I missed most of Suburban Tribe’s set since I went to see the meet and greet session with Death Angel. I did see Suburban ending their set with Faith No More’s “Midlife Crises,” which gave a good picture were they draw their influences from.

Sunday, July 18, 2004

The first band on the Helsinki side stage was Trollheim’s Grott. This Death Metal band had corpse paint and a really evil looking bass player. Their singer had different kinds of speeches when introducing the songs. We were encouraged to change our religions to pain, and to demonstrate this, the singer pulled at his nipple piercings. He also commented on the sunny day and told us to paint the sun black. They ended their set with a Bathory cover, which included a guest vocalists and guest guitarist. The cover was a bit faster than their own material.

The mighty Fear Factory had the honor of starting the day on the main stage. They did a killer set and gave no mercy to the crowd, launching straight into “Slave Labor” followed by “Cyberwaste.” Singer Burton had 2 black t-shirts on and really sweated in the heat. Drummer Raymond didn’t seem to break into sweat until the 5th song. That man is a machine and an amazing drummer to boot. It took a while to realize that Christian was actually playing guitar since he kept holding and playing it in bass style. New guy Byron strolled the stage like he owned it, and fit right in. These guys have a dedicated crew, since many of them could be seen singing the songs, and one roadie even kept headbanging on the side of the stage. FF’s set was tight but way too short. They only got 1 hour and 15 minutes of playing time.

Diablo played a murdering cover of Abba’s “Dancing Queen.” A studio version of this can be found on their debut.” The tent was full and the crowd was treated to a first encore of the day with “Catch 22,” which ended the set. Since all the bands had inflexible timeframes to play within, most did not include encores at the end of their sets.

Timo Rautiainen and Trio Niskalaukaus are the “house band” of the Tuska festival, and have played all 7 of the festivals. This band is a really cool, Finnish-singing, melancholic Hard Rock band whose lyrics portray an accurate picture of the Finnish male mentality. This is yet another band who knows not how to play a bad gig.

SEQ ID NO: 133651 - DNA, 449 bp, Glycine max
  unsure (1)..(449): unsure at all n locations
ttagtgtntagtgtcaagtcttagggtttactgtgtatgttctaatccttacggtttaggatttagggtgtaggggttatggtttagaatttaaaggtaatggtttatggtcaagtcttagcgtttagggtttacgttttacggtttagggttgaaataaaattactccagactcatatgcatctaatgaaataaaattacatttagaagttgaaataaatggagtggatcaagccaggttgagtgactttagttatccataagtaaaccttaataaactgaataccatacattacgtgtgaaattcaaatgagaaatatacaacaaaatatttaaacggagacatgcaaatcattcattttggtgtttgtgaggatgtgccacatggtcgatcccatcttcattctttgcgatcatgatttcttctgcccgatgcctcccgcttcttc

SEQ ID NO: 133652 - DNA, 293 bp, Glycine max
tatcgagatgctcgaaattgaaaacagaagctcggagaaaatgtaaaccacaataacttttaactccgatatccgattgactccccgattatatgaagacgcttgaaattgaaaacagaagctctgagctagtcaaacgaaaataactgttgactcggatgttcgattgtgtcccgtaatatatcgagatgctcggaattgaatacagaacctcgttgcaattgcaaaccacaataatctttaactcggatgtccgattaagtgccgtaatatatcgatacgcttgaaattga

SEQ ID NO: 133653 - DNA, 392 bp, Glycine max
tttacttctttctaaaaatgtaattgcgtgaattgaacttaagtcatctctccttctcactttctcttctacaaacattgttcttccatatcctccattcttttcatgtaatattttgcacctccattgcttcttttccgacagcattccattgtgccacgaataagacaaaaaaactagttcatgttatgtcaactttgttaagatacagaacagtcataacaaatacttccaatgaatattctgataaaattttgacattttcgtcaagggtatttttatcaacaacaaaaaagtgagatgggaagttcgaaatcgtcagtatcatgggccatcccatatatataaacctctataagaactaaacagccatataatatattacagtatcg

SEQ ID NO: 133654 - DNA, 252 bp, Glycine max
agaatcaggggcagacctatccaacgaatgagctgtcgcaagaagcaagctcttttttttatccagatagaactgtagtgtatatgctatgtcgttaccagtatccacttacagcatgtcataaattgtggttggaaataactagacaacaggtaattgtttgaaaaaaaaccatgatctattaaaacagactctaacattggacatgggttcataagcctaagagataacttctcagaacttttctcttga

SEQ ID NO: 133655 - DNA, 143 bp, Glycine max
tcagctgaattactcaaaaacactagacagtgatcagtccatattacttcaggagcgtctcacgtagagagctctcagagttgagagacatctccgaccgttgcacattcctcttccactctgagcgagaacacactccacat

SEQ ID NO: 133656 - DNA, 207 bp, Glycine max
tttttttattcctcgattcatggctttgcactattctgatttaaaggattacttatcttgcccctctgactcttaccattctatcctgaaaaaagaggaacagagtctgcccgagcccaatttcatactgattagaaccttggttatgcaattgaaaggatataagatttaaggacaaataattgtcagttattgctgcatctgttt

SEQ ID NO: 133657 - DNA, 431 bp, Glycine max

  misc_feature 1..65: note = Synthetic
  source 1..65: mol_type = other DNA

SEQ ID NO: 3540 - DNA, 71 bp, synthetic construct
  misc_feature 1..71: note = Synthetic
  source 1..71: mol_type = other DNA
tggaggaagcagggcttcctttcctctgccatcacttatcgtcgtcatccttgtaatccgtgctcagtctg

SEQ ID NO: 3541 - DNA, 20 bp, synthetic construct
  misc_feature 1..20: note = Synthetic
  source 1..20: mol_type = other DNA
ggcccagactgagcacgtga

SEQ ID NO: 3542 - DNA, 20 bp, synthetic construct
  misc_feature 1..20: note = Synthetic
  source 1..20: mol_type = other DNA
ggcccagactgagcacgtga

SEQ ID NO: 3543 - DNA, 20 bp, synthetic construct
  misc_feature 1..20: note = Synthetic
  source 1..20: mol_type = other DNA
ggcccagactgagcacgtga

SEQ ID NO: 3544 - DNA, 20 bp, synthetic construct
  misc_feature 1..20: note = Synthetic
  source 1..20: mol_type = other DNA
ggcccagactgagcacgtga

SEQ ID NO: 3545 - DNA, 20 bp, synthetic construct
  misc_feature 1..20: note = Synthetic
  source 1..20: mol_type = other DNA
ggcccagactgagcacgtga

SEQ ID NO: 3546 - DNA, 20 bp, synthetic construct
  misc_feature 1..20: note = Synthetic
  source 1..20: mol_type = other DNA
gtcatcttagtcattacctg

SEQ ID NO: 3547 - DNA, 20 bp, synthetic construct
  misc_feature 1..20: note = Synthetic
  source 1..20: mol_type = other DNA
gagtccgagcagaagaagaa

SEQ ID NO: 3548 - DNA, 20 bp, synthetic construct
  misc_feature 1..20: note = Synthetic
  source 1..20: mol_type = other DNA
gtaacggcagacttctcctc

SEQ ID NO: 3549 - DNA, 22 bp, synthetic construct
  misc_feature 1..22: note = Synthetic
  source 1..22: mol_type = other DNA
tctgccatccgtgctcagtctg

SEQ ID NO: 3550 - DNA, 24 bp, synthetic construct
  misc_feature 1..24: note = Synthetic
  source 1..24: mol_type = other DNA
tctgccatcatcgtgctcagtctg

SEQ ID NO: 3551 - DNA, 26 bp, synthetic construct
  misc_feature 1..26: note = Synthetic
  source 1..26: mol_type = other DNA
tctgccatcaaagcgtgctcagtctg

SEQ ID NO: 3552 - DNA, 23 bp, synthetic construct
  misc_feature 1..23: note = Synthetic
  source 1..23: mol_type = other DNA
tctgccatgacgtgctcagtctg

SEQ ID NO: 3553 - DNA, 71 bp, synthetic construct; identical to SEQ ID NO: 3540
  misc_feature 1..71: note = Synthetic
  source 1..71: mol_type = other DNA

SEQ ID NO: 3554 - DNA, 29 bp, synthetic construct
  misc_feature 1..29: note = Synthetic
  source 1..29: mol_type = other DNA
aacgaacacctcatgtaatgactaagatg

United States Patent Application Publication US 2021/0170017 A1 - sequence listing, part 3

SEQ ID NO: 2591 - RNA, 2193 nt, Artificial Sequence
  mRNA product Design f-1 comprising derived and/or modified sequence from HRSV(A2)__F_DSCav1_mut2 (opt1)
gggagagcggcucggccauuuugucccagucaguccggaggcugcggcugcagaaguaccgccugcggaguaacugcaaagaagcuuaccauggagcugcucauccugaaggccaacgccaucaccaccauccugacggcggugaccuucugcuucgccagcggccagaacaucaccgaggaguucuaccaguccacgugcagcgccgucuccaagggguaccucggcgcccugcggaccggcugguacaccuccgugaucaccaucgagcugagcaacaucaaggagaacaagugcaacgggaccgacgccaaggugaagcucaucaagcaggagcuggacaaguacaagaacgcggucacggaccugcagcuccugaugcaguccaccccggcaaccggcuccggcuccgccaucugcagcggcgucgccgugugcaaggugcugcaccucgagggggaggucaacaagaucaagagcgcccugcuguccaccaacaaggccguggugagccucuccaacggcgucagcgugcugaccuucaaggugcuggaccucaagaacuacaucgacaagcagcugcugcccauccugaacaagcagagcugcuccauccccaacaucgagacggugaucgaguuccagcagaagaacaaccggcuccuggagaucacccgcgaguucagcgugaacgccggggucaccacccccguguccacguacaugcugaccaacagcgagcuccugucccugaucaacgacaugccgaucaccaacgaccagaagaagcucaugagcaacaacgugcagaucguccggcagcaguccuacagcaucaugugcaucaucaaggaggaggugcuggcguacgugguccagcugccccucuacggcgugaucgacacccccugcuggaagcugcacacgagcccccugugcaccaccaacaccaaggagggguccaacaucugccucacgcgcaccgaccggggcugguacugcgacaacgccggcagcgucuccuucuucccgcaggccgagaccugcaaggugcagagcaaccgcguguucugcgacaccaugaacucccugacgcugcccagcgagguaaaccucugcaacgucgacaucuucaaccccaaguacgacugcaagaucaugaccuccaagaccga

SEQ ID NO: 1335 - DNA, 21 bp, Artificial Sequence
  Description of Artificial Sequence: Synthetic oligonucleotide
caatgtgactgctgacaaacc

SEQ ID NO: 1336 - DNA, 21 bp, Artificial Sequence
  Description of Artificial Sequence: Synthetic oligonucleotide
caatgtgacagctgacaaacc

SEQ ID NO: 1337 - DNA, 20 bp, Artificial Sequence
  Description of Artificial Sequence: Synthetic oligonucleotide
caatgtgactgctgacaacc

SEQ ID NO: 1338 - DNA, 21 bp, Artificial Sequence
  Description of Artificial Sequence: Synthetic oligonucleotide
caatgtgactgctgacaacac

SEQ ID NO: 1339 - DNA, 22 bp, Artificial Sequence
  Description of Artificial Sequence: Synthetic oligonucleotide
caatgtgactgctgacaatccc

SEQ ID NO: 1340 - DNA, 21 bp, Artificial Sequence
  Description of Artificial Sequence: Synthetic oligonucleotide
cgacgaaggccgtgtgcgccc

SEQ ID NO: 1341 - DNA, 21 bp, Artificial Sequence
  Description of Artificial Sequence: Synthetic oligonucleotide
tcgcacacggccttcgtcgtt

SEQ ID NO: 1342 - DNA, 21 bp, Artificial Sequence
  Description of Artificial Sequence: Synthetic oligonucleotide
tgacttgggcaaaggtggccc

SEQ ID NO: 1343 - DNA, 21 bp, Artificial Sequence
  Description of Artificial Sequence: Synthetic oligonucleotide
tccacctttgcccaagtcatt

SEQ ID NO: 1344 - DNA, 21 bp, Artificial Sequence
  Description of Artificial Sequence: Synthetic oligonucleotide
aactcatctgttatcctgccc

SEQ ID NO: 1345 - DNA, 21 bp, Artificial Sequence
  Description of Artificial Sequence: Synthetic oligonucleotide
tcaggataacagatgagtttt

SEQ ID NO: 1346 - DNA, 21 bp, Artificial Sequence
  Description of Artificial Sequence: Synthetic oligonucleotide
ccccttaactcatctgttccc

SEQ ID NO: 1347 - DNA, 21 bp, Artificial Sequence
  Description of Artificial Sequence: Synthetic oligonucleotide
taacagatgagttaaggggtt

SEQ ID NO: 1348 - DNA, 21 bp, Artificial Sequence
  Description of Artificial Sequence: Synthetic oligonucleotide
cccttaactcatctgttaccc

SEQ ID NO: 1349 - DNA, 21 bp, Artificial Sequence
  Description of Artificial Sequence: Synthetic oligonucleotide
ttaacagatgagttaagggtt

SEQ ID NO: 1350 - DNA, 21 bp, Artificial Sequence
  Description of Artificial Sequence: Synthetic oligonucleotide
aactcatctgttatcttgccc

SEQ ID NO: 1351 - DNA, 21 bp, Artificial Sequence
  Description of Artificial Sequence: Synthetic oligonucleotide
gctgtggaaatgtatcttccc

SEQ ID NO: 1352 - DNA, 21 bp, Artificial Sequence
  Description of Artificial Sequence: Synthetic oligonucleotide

Charon drew all the ladies into the tent and their singer laughed since the first one to shout “take your shirt off” was still a male. Charon performed their hits and even got the audience to sing during “Little Angel.”

The most anticipated set of the day was Dio, which was up next. Ronnie kept apologizing for the shortness of the set and seemed really disappointed that they did not get to play their regular 2 hour set. Instead, we got 1 hour and 30 minutes … half of the songs were Dio hits from the first 2 albums, and the other half were Rainbow and Sabbath songs. They also played one new song from the upcoming new album which sounded unusually heavy. Graig kept doing strange kicks inspired, no doubt, by the sign saying “Graig you rock.” Since the set was already cut short, I didn’t understand the need for drum and guitar solos. We got a long drum solo after only 3 songs, which has to be some kind of a record. Maybe due to the shortness of the set, Ronnie forgot to introduce bass player Rudy Sarzo and keyboardist Scott Warren. It was cool to see Sarzo’s trademark bass-playing style, which has him holding the bass up high in the air. Certainly must take some muscle! Ronnie’s voice was in great form, as usual, and you can’t really go wrong with as strong material as he has from which to draw. Surprisingly, they played the Rainbow song, “Gates of Babylon,” which Ronnie said he hasn’t done in over 20 years. After the set, while walking away from the site, I overheard many people commenting on how amazing of a singer Ronnie still is!

All in all, Tuska was great once again. Thank you Tuska! See you again next year…


  • Metal-Katie

    Katie was a reviewer and interviewer here at Metal Express Radio. She claims to have been born a Metalhead. At least she's been one as far as she can remember. She loves Metal music and she's ever so happy to see generation after another founding its charm. She's always interested in hearing new Metal bands and reading about them and their antics. She lives and breathes Metal, or at least her alter ego does.